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Drug crimes normally refer to the manufacturing, cultivation, trafficking, distribution or sale and possession of controlled substances. Controlled substances include illegal drugs such as marijuana and cocaine, but also prescription drugs. When prescription drugs are possessed or sold illegally, the repercussions can be severe as well. The Comprehensive Drug Control Act of 1989 includes Missouri Revised Statutes §§ 195.005 to 195.425. Under the state law there are different classes that a drug can be placed in ranging from Schedule IV to Schedule I. The high a schedule that drugs is placed in, often the more dangerous and addictive it is. These drugs will also be less likely to have any medical benefits.
Drug manufacturing and cultivation charges can involve having in your possession certain types of plants or ingredients that are used to manufacture controlled substances. Evidence of chemicals and laboratory equipment used to manufacture illegal drugs such as methamphetamine or LSD can be used in the prosecution's case against you. Drug trafficking, distribution or sales covers all aspects of transporting controlled substances and moving them into the hands of those who consume them. If minors are a targeted user, charges and penalties will be significantly enhanced. Drug possession laws normally fall into two sections: for personal use (simple possession) or possession with the intention of distributing or selling.
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Having a blood alcohol content level of .08% or more, or demonstrating an inability to drive due to the effects of alcohol or drugs can land you behind bars. For those that are under the drinking age of 21, a BAC can be below .08% and still result in a DWI charge.
Penalties for a DWI conviction include:
A first time conviction is typically considered a Class B misdemeanor charge that can lead to up to 6 months in jail, a license suspension of 30 days with further driving restrictions continuing for 60 days, $500 in fines and points added to a driving record which can raise insurance rates.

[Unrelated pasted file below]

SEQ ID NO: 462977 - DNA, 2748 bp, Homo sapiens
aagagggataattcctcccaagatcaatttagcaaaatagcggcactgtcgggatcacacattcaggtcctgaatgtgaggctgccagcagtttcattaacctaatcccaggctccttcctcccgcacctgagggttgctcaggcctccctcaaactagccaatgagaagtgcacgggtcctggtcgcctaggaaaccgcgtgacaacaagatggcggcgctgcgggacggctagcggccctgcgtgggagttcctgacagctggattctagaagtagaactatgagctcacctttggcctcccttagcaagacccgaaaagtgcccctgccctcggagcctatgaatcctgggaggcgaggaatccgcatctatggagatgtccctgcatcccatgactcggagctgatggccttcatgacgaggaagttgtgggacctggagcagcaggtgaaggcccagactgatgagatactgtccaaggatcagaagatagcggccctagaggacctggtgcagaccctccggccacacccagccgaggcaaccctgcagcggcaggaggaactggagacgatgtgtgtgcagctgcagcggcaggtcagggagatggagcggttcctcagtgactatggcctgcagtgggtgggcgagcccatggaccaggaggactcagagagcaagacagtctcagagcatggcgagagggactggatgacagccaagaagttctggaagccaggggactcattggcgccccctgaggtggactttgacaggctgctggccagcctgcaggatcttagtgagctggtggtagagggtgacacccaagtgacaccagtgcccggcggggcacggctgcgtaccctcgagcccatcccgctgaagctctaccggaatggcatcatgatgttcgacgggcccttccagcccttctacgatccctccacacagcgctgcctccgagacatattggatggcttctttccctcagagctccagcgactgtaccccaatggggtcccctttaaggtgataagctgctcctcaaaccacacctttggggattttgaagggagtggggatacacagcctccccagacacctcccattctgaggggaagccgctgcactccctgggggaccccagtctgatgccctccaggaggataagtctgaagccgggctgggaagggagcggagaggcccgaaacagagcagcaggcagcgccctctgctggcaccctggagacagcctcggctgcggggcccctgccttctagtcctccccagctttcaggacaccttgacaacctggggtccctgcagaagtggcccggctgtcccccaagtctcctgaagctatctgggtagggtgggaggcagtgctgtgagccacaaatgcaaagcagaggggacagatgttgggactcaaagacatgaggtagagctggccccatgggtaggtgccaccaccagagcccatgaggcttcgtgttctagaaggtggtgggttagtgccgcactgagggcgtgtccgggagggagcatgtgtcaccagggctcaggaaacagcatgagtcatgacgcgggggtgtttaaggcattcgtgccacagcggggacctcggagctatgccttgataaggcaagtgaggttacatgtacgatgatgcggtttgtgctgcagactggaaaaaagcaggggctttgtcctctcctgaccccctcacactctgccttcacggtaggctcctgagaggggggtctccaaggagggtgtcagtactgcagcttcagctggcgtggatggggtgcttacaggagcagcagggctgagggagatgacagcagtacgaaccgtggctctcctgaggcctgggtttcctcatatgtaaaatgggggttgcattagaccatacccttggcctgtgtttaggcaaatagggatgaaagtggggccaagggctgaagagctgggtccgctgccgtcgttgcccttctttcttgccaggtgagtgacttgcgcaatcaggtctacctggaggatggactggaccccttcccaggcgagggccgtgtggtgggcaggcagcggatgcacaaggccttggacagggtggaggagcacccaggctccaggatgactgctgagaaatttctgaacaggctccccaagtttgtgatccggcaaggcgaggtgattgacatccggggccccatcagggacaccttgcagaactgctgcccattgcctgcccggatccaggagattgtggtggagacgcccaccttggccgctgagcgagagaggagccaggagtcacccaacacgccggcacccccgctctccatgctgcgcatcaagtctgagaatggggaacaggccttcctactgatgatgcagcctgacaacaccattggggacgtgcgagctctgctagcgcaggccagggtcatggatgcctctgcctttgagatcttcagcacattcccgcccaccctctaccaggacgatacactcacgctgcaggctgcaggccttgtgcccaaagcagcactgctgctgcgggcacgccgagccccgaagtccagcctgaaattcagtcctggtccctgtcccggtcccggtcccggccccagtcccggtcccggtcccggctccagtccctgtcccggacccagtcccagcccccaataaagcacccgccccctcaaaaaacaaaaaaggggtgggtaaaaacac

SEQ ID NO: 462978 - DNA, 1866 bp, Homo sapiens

A second DWI can put a person in jail for up to year, with fines of up to $1,000 and a yearlong license suspension.
For a class d felony third DWI, repercussions can include up to $5,000 worth of fines, up to four years in jail, community service, probation and 12 points placed on a driving record.
The quantity of drugs involved, the type of drugs and the whether any children were present or could have been affected by the crime can be factors evaluated when determining whether misdemeanor or felony charges are filed. Drug crimes can move all the way up to a class A felony which can involve up to life imprisonment without the possibility of probation or parole.
A successful defense is crafted with as much time as possible, so the sooner you contact the firm the more opportunities there could be in your case. In many drug charges, the first action a skilled lawyer will do is to establish if your rights were violated during the search, seizure and arrest process. Law enforcement officials must follow strict procedures and when these are violated, there could be options to get your case dismissed.
No two drug crimes cases are the same. There are many factors that a skilled legal team will look at to determine the most effective and compelling defense for each case. At Worsham Law Firm a team of legal professionals will examine every detail of your case. You will get your questions answered and you will be advised of your options.
All relevant information you need to make an informed decision about your case will be made available to you. There is someone at the firm you can speak with when you need to. You will be able to follow the steps of your case through modern online services you can access anytime day or night.